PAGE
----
Matt Hancock, the Secretary of State for Health and Social Care, has said that the Government will be launching a review into the Mental Health Act to reform it. The Act was passed in 1983 and the Conservative Party pledged in their 2019 manifesto to review the legislation. Mind, the mental health charity, said that “this is a long overdue process”.
Hancock said in a statement:
“I want to ensure our health service works for all, yet the Mental Health Act is now 40 years old. We need to bring mental health laws into the 21st century. Reforming the mental health Act is one of our central manifesto commitments, so the law helps get the best possible care to everyone who needs it.
These reforms will rightly see people not just as patients, but as individuals, with rights, preferences, and expertise, who are able to rely on a system which supports them and only intervenes proportionately, and which has their health and wellbeing as its centre.”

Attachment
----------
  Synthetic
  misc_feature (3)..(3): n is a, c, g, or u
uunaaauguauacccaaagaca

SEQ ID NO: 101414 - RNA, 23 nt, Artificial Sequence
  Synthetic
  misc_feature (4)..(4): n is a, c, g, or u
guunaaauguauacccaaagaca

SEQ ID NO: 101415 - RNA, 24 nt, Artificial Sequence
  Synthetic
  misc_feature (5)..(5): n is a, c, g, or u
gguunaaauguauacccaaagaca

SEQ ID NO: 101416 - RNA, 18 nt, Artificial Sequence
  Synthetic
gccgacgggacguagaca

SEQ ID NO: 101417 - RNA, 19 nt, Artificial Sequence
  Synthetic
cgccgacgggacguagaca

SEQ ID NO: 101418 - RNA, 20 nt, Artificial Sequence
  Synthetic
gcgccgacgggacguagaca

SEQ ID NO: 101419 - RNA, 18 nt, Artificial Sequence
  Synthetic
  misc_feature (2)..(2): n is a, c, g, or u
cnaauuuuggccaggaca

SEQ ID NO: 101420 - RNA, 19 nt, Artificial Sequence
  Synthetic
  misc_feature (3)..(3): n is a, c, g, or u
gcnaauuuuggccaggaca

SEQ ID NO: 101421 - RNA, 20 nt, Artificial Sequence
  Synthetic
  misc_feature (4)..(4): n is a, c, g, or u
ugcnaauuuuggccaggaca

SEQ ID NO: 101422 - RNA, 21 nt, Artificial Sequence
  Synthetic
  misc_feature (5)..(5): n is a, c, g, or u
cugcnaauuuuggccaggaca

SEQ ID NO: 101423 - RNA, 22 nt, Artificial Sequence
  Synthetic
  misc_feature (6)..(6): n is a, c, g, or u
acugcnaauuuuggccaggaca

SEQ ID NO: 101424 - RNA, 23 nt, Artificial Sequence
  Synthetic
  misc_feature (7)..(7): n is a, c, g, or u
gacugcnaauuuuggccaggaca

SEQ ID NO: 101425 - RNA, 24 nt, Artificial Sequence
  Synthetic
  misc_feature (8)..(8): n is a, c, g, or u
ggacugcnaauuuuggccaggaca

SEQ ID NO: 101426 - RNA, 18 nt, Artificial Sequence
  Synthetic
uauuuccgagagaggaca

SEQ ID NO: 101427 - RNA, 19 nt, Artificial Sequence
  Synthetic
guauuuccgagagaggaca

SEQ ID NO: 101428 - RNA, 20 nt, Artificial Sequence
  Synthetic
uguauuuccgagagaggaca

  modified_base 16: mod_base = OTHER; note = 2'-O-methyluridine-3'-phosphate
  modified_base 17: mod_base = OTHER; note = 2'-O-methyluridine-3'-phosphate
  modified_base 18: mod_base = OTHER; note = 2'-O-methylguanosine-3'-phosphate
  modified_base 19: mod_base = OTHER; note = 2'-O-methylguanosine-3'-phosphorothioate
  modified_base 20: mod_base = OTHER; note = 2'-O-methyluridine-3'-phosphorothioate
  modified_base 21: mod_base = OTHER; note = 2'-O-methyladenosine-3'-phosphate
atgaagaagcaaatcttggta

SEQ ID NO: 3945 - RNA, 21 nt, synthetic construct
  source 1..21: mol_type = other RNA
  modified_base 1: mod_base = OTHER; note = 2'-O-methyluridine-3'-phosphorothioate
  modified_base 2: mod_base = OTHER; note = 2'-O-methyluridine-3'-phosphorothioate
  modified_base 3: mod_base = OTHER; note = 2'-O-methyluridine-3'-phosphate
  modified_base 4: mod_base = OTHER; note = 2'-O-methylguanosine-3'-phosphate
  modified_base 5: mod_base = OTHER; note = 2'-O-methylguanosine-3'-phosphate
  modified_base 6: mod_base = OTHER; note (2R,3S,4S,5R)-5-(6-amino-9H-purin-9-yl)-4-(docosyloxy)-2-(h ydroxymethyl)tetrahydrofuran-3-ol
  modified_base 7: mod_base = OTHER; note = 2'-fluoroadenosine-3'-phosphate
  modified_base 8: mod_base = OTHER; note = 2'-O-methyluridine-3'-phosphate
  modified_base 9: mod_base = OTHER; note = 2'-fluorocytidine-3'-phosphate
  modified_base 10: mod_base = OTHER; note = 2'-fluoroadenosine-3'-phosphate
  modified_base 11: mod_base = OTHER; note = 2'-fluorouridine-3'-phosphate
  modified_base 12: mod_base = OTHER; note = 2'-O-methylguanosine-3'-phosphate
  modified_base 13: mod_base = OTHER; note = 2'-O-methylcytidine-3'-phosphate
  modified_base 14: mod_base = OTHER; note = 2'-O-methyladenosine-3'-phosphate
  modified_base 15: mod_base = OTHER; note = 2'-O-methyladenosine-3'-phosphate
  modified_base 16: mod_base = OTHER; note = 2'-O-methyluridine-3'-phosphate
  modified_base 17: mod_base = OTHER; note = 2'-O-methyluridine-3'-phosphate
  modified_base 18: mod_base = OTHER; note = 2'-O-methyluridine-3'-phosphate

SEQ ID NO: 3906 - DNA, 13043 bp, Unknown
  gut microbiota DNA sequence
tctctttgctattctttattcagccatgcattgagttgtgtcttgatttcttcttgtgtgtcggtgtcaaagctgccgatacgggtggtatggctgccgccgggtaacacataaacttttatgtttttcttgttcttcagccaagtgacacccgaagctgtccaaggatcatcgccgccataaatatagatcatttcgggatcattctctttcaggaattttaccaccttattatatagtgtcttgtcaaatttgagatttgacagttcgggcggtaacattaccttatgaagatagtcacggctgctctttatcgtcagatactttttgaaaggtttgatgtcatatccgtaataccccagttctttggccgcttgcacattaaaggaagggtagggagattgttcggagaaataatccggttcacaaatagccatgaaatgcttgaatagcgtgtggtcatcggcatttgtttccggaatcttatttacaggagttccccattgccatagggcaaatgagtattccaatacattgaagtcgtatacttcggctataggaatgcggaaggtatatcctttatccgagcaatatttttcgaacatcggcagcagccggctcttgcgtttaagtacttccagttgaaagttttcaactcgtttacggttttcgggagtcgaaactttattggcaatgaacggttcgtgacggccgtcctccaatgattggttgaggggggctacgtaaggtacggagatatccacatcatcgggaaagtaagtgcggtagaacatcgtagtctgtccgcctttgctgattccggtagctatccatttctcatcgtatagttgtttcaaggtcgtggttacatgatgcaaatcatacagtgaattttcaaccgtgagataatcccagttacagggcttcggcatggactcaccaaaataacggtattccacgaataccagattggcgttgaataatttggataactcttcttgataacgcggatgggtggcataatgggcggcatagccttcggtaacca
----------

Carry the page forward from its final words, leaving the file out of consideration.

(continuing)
Sophie Corlett, Director of External Relations at Mind, said:
“This is just the beginning of what is now a long overdue process. At the moment, thousands of people are still subjected to poor, sometimes appalling, treatment, and many will live with the consequences far into the future. ”